Part of what makes Portland’s First Friday Art Walks so much fun is that they have no epicenter. As the crowd surges along Congress Street, with smaller group investigating eddies in the Old Port, the Place To Be shifts from one locale to the next. One sure thing: if you stroll enough, and walk through enough doors, wonderful things will happen.
Last night, the December Art Walk that leads up to the holidays, there was an extra energy in the air. You could sense it at Congress Square: on one side, the line snaked into the State Theater for The Fogcutters present Big Band Syndrome (Lauren Wayne posted a video of the finale of the show); the other side of the square featured the Portland Museum of Art (free on Friday nights) and their hypnotic show on classic Shaker artifacts. Meanwhile, in-between, Art Walkers trundled up the stairs of the Flat Iron Gallery, in the pie-slice-shaped Hay Building, to sip and chew and ruminate on Art, Life, and Living in Portland.
Another wonderful thing, as always, took place at Otto Pizza, a few steps down Congress Street. Your correspondent was among the many who stood happily on the sidewalk, waiting in line to purchase a slice of what many consider to be the finest pizza north of Boston (and now Otto is in Harvard Square, too!). When it comes in as ideal and manifold a presentation as Otto offers, pizza can crystallize the creative economy.
Outside Otto, the sidewalk mambo was wending its way down Congress Street to Space Gallery, with many a stop along the way. Inside Space, one of First Friday’s mainstays, there was music, there was art, there was laughter, there was drinking, there were jostling crowds and a buoyant sense of pleasure in the air. There was also an Alternative Gift Market where you could buy donations to a wide range of curated non-profits and deliver them in a selection of limited edition, hand printed cards designed by artists Beth Taylor, Erin Flett and Jacqueline Dubois.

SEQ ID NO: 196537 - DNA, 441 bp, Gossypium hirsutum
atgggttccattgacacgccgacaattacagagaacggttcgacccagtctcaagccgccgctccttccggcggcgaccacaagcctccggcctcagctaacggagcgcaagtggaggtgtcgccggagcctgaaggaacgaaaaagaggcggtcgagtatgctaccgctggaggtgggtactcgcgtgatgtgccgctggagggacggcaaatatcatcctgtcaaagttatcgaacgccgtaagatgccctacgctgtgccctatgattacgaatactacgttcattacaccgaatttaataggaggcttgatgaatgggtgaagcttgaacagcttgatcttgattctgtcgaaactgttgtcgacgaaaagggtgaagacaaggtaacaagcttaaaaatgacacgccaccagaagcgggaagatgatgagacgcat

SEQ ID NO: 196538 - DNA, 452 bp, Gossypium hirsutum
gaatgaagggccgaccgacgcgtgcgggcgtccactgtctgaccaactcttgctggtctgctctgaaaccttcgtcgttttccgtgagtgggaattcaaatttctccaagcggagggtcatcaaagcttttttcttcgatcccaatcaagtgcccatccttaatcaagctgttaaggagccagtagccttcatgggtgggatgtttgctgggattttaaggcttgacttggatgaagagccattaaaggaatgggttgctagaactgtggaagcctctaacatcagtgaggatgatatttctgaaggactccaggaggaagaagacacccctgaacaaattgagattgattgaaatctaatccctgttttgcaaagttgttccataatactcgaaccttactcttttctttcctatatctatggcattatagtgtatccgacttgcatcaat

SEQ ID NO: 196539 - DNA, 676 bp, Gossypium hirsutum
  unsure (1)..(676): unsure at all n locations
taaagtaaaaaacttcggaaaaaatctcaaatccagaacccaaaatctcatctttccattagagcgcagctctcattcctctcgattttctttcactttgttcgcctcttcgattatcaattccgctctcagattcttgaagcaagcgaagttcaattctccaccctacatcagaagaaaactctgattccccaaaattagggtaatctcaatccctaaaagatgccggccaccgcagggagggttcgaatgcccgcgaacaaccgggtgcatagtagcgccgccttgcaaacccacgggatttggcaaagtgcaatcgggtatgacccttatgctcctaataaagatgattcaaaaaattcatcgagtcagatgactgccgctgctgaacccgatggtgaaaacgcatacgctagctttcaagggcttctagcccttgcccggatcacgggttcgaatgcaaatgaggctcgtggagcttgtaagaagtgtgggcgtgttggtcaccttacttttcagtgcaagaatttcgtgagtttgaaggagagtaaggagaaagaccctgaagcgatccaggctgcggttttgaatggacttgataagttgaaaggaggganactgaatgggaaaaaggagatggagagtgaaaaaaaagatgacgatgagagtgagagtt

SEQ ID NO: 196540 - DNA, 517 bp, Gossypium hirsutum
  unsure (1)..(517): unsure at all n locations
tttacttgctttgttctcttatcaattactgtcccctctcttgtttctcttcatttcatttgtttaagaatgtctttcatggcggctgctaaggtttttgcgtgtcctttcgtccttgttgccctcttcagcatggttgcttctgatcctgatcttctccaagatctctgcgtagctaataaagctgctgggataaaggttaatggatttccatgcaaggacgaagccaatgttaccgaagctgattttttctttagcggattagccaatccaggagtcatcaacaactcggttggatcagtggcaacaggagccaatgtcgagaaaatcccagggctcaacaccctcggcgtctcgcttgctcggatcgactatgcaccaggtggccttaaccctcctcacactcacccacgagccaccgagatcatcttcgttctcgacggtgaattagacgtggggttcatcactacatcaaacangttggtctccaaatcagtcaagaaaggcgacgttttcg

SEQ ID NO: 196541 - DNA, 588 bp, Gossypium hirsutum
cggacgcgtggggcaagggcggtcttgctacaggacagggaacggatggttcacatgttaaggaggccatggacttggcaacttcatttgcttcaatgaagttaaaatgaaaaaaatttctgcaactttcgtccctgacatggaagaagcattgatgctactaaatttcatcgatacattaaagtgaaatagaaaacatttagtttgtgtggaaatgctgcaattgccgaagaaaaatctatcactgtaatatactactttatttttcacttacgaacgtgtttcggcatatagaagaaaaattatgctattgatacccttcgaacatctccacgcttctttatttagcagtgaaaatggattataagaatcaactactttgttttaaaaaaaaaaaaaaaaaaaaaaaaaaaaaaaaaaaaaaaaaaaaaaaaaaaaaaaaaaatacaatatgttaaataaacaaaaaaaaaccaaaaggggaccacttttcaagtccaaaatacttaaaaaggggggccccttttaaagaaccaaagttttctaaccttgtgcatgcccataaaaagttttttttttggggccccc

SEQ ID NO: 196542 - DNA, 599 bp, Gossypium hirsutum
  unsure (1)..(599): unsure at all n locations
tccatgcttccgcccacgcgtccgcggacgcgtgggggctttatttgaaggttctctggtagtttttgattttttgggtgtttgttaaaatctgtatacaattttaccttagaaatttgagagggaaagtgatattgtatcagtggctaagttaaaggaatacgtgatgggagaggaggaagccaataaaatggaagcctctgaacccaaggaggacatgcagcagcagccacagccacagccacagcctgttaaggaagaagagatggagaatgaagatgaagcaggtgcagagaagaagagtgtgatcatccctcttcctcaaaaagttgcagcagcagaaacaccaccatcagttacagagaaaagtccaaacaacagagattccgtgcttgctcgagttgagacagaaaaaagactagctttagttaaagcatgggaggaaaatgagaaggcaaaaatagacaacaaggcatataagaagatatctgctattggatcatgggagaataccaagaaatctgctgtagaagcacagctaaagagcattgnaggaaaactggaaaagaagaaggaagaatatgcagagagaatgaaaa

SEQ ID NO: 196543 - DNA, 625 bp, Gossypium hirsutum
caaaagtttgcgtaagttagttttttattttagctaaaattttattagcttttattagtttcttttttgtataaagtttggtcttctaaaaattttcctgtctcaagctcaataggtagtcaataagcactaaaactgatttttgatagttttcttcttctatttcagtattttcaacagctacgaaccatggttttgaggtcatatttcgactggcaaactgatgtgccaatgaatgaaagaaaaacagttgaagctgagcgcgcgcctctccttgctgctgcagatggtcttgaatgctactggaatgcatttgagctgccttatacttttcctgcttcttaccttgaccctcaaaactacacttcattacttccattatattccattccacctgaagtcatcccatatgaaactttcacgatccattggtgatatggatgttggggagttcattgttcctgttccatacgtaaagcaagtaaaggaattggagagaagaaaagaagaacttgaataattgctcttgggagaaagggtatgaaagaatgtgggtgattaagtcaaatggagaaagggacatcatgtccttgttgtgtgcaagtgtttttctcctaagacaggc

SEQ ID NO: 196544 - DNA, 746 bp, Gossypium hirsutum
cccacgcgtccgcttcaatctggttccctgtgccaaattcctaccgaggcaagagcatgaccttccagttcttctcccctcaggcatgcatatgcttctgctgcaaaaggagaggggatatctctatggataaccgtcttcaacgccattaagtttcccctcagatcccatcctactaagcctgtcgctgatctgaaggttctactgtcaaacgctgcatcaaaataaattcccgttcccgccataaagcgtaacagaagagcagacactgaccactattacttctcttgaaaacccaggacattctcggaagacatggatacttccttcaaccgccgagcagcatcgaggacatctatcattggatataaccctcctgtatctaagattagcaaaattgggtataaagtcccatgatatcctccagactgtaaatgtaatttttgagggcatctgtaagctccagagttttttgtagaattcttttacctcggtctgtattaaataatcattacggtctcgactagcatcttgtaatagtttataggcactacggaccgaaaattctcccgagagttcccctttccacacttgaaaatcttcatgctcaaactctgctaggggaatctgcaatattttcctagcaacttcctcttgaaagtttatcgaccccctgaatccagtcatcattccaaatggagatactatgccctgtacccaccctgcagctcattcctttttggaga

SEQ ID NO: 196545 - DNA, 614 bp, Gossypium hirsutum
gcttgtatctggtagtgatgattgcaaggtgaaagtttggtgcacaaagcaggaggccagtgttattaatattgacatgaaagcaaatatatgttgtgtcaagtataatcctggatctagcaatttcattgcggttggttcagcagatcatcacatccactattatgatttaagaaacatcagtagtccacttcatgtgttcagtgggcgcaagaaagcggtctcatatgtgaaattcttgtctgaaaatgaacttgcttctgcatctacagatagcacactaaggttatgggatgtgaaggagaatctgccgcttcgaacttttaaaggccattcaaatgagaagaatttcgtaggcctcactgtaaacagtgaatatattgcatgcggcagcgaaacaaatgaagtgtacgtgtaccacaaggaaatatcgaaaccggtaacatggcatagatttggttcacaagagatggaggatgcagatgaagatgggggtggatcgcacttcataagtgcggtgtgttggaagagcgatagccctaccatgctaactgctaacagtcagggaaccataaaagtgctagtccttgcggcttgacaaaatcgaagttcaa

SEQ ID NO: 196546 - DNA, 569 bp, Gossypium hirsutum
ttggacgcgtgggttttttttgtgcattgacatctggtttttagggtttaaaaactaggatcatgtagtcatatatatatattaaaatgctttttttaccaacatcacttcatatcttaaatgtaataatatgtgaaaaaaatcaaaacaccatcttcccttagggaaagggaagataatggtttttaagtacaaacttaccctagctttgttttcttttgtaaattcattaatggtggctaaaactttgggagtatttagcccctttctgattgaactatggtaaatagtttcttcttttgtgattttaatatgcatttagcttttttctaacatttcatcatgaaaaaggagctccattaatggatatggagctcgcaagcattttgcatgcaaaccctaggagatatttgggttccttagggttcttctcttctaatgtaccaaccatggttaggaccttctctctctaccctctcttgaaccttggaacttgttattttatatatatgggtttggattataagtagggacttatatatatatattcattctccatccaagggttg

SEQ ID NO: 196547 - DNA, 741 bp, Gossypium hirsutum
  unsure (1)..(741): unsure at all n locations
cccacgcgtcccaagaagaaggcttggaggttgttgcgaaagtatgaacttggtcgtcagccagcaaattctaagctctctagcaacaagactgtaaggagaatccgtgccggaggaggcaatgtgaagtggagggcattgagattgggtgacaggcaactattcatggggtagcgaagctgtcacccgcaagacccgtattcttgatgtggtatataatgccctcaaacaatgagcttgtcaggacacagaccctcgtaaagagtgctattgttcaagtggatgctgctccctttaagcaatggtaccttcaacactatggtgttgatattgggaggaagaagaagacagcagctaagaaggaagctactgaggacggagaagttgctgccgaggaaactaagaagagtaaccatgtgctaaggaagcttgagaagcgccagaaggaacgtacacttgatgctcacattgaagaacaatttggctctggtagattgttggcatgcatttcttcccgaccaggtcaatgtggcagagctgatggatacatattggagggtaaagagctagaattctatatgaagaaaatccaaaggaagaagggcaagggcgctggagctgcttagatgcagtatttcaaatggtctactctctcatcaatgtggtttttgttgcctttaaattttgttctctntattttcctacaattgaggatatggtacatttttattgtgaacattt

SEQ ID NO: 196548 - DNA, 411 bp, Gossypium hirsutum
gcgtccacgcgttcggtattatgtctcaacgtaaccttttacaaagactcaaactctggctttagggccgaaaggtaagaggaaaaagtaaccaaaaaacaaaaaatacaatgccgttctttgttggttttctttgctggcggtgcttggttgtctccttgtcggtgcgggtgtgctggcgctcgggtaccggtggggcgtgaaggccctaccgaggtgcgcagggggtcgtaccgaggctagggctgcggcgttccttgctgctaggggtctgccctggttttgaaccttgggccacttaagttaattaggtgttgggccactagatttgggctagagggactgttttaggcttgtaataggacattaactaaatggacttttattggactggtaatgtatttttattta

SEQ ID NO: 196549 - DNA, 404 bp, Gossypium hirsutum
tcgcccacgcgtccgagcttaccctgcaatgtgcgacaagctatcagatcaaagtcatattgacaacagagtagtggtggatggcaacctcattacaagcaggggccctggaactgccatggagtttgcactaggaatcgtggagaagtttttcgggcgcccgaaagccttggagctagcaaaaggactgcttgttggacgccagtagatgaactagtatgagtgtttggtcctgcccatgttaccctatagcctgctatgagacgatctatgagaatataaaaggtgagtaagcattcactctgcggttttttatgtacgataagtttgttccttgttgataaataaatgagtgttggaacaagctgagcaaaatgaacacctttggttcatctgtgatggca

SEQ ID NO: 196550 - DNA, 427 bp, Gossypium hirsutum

If you prefer your art au plein air, you could step outside of Space onto the sidewalk, where an open-air truck had pulled up to the curb. Just climb the ramp into the truck’s back to observe the paintings hanging within.
The crowd kept surging, now on to the Maine College of Art. Every year, MECA combines their First Friday participation with a huge holiday sale of items by college students and alums. This year, three floors were given over to a cavalcade of holidazzles, and so the crowds were especially strong here. Among the (hundreds of?) tables and booths, there seemed to be a particular emphasis on recycled treasures: playing cards converted into wallets, umbrellas converted into aprons, stamps converted into earrings.
For those who needed to retreat from the gleeful cacophony of MECA, there was quieter contemplation at galleries where one could, for instance, admire scale models, photos, and blueprints celebrating the Haystack Mountain School of Crafts. Or, upstairs at Cross Jewelers, you could sample “tastings” of various hot cocoas. Then back out into the street and more galleries, more stores, more music.
Until, in the words of Samuel Pepys, one has turned First Friday into First Saturday, “and so to bed.”